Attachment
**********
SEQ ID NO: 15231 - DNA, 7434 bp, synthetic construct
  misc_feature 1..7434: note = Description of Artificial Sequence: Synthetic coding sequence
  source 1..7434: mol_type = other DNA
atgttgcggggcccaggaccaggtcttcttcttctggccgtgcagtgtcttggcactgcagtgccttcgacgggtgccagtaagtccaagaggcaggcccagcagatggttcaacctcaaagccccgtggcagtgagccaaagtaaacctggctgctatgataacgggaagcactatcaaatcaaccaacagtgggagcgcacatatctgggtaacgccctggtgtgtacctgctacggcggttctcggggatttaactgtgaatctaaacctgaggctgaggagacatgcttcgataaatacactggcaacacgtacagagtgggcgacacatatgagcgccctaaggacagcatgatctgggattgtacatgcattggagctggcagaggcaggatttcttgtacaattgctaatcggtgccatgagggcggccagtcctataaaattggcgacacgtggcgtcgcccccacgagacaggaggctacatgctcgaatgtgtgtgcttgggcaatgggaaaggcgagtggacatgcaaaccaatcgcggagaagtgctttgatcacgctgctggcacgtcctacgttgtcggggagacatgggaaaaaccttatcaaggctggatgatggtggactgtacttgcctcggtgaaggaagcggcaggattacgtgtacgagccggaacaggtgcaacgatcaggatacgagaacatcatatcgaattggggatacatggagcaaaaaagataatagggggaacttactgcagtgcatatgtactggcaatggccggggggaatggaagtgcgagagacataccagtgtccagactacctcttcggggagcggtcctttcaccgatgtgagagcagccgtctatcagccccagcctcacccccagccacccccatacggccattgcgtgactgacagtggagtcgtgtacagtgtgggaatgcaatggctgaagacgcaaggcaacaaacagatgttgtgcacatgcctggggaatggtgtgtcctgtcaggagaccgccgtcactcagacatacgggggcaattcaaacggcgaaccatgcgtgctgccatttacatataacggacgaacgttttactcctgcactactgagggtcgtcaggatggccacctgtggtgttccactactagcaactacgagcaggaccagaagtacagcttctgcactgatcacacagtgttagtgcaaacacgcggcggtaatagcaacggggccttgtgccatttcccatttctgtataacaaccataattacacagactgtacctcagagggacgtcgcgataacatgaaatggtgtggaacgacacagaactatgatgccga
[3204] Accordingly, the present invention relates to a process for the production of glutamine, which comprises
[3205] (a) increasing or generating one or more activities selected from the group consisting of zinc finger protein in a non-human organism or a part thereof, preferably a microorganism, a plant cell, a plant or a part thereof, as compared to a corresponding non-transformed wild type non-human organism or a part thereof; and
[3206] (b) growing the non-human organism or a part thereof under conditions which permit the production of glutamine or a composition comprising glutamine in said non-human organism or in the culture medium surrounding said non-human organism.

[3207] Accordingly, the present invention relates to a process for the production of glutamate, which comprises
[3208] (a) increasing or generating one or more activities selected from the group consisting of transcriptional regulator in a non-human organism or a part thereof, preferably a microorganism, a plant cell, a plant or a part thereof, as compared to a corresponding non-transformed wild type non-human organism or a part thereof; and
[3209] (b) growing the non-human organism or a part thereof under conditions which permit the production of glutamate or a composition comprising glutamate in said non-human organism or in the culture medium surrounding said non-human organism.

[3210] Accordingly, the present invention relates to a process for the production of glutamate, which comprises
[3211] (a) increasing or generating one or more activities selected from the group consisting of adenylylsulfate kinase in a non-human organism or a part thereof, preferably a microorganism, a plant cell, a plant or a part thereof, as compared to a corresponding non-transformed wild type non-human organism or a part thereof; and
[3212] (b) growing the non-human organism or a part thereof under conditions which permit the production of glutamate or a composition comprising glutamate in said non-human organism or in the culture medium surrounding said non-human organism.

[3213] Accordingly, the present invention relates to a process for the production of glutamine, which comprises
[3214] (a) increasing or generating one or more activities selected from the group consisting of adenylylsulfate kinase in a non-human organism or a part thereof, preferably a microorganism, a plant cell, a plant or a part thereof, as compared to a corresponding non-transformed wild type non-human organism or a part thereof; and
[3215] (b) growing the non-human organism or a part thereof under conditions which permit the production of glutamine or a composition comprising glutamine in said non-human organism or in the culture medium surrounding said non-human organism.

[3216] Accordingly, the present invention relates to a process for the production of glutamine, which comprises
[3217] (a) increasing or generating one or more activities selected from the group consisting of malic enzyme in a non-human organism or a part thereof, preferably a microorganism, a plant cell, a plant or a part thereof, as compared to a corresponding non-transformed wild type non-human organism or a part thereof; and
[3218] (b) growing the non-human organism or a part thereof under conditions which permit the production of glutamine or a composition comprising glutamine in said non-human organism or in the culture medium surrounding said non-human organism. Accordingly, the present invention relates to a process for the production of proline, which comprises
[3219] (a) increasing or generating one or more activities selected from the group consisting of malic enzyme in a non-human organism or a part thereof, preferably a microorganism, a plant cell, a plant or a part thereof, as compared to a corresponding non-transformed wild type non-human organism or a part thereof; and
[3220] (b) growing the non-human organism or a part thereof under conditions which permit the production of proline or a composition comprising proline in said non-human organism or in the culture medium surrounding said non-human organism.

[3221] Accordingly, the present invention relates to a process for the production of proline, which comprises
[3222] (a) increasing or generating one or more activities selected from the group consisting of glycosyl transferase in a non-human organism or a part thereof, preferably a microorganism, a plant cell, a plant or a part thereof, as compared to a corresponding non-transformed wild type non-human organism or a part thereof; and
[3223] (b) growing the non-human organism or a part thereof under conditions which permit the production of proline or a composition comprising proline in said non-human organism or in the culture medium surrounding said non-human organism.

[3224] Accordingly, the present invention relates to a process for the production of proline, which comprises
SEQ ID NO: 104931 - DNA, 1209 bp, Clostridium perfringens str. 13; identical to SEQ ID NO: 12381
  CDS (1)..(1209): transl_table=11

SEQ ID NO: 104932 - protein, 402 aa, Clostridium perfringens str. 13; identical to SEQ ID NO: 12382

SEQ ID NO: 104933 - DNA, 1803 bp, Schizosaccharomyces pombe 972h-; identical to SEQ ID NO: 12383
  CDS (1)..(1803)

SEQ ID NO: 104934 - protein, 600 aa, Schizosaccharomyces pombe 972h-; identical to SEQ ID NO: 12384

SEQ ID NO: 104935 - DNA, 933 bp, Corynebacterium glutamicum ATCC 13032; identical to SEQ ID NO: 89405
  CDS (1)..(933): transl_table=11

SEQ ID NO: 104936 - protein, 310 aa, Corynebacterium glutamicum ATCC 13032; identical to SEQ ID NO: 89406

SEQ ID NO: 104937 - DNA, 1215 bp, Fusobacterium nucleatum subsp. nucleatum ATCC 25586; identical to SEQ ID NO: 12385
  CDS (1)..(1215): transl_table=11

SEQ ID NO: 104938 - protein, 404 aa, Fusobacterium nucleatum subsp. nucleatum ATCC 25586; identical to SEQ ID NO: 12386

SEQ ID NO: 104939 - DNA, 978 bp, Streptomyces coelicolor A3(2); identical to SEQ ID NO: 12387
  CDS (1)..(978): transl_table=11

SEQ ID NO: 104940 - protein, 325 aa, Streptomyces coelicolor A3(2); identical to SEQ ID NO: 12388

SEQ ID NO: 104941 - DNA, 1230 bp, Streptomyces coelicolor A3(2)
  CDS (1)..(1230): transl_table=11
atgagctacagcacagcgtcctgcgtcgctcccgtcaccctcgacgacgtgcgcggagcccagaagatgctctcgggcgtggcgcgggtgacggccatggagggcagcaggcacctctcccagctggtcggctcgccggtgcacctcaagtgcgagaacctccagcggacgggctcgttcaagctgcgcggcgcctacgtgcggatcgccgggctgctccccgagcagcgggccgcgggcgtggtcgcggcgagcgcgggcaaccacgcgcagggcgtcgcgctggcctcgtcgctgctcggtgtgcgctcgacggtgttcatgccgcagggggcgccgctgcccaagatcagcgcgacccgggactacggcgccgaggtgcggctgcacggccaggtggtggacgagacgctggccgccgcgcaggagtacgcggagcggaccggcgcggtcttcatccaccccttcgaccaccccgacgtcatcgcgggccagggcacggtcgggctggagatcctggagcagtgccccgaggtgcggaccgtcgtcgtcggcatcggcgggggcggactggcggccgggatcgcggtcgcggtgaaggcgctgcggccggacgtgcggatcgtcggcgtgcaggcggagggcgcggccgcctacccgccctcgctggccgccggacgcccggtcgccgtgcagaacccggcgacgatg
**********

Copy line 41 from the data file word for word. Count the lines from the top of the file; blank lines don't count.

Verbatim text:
SEQ ID NO: 104941 - DNA, 1230 bp, Streptomyces coelicolor A3(2)